217

I want to force push, for example, my tag 1.0.0 to my remote master branch.

I'm now doing the following:

git push production +1.0.0:master

I want to force the push, because all I care about is that the code inside the 1.0.0 tag is pushed to the master branch on the remote repository.

What am I doing wrong?

Update #1

When I SSH into my server where my Git repository is and execute git branch -l, I don't see the master branch listed either.

Update #2

After running git tag -l from inside the remote Git repository, I see that master is listed, meaning that when I ran the following:

git push production 1.0.0:master

It actually pushed the tag and created a tag named master rather than a new branch.

I want to basically push the contents of the tag 1.0.0 into the master branch of the remote Git repository.

7
  • Can you clarify what "not working" means? Does Git give an specific error, or does it have a null effect?
    – vcsjones
    Oct 31, 2010 at 1:51
  • I'm sorry. Yes, so basically when I SSH into my server, into the git repository, and run git branch -l to list the branches, I only see my other branch. However, the git push production +1.0.0:master did push, an when I re-push it says Everything up-to-date, but I don't see the master branch on the remote server. Oct 31, 2010 at 1:55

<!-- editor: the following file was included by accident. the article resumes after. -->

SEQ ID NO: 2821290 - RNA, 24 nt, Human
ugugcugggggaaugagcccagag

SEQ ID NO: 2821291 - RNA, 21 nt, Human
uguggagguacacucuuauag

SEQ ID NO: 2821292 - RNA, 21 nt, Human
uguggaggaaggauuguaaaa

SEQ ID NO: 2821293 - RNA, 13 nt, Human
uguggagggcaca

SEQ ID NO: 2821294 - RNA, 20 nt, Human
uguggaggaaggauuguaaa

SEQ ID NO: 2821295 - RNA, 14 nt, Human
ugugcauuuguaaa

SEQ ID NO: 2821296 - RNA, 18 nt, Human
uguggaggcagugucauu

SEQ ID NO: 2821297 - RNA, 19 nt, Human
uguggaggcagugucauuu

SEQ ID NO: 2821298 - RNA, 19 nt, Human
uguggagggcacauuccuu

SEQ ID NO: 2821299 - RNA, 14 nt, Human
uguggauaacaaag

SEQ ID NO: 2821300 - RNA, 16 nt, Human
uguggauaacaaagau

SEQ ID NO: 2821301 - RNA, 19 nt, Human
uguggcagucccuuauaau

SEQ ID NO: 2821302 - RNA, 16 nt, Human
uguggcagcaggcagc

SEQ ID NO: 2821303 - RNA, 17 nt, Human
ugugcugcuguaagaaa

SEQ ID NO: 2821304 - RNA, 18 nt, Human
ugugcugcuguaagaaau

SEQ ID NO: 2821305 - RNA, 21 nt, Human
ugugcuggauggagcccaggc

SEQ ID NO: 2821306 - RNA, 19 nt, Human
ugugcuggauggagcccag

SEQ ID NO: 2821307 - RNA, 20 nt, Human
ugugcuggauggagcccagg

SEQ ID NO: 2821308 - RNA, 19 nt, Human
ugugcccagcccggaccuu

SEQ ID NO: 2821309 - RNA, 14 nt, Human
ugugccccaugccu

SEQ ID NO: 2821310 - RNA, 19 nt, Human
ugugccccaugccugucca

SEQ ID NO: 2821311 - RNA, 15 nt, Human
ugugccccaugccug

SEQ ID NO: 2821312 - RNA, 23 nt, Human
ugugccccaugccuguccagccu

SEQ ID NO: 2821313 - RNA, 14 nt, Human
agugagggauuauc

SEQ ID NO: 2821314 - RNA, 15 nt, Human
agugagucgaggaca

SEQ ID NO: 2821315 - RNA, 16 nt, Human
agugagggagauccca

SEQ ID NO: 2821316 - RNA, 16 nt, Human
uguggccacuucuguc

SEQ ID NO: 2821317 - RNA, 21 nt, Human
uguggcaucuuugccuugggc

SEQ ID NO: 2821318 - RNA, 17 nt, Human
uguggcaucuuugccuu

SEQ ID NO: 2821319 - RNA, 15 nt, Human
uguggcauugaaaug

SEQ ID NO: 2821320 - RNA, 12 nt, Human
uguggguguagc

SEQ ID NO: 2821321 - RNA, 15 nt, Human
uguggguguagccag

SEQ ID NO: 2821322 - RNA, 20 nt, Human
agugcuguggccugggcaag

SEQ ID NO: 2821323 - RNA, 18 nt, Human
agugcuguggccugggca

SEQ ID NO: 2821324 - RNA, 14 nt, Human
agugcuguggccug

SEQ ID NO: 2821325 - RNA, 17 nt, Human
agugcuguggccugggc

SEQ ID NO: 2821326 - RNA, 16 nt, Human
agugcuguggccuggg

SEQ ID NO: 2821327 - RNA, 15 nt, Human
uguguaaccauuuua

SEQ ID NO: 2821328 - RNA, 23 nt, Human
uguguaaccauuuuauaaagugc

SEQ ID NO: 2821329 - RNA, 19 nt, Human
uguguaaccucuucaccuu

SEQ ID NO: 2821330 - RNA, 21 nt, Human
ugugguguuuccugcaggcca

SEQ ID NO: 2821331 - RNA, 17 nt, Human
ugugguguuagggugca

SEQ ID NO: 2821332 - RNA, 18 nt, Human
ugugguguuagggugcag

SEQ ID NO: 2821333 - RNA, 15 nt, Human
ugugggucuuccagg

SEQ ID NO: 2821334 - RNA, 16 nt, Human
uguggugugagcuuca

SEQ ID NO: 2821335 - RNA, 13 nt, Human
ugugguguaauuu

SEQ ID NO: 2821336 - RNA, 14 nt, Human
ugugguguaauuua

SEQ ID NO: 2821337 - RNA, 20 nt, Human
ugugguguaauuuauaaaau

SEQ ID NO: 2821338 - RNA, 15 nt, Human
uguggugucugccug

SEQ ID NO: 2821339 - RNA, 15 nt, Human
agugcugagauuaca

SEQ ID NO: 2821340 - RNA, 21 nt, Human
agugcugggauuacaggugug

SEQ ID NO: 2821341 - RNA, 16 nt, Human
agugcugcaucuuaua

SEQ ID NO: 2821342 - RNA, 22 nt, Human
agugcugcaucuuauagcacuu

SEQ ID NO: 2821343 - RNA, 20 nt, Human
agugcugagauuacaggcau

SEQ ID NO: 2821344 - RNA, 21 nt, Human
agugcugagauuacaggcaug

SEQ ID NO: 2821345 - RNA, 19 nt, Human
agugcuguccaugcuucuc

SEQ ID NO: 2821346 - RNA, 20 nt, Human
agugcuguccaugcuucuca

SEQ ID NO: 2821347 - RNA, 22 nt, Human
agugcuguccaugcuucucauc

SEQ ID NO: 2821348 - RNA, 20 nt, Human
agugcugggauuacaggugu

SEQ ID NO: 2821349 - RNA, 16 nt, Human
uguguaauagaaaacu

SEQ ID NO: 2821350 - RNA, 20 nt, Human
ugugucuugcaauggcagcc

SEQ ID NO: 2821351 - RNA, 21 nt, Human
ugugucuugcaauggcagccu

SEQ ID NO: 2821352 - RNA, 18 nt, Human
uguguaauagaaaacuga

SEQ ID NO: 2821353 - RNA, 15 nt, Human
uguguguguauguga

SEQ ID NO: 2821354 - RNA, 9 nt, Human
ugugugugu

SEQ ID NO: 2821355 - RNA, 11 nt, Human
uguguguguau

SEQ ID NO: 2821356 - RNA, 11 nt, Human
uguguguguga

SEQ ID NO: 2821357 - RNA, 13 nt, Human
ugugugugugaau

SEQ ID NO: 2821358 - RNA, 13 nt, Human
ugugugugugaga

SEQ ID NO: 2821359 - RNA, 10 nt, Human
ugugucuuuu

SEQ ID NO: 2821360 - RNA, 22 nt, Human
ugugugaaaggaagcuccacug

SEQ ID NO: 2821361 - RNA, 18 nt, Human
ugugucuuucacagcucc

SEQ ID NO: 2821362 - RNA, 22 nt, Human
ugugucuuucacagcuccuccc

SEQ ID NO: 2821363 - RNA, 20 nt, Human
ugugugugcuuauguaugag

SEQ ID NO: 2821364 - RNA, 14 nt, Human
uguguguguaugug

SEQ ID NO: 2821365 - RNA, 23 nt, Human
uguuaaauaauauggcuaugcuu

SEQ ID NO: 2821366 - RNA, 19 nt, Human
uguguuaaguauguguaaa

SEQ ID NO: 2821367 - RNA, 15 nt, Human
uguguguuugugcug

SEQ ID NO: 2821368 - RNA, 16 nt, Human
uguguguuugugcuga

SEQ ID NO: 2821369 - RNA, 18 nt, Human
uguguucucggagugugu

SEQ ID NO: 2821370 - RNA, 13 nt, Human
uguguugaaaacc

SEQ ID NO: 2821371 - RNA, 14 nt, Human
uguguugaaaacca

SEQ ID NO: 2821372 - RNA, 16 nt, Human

• 5
    You should change the accepted answer. The second answer is much simpler than the one which is marked as accepted.
    – Pedro Rolo
    Sep 14, 2012 at 15:55
  • Sorry for the late response. I agree and have now changed the accepted answer. Dec 22, 2012 at 12:27
  • 1
    @MichaelvanRooijen I don't understand how the accepted answer that you chose actually solves this problem. It doesn't overwrite a branch with a tag, it just pushes your tags to the remote.
    – user456814
    Apr 27, 2014 at 20:08

4 Answers 4

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git push --tags production
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  • 4
    If the tag already exists on the remote you will need to delete the remote tag first with git push production :1.0.0. Jan 23, 2013 at 14:38
  • 1
    If by any occasion you'll have branch with same name: '1.0.0' this push will fail so better use: git push production :refs/tags/1.0.0 to delete tag only
    – Vladimir
    Apr 19, 2013 at 20:08
  • 1
    @Nerian: I think it just pushes tags
    – bstpierre
    Jul 20, 2013 at 17:09
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    How does this actually solve the original poster's problem about overwriting a branch with a tag by force-pushing it? This just pushes all of your tags to a remote, it won't overwrite any branches.
    – user456814
    Apr 27, 2014 at 19:53
  • 1
    Isn't the question asking how to push one tag? This command does a whole lot more than that. Sep 11, 2014 at 6:27
64

It is probably failing because 1.0.0 is an annotated tag. Perhaps you saw the following error message:

error: Trying to write non-commit object to branch refs/heads/master

Annotated tags have their own distinct type of object that points to the tagged commit object. Branches can not usefully point to tag objects, only commit objects. You need to “peel” the annotated tag back to commit object and push that instead.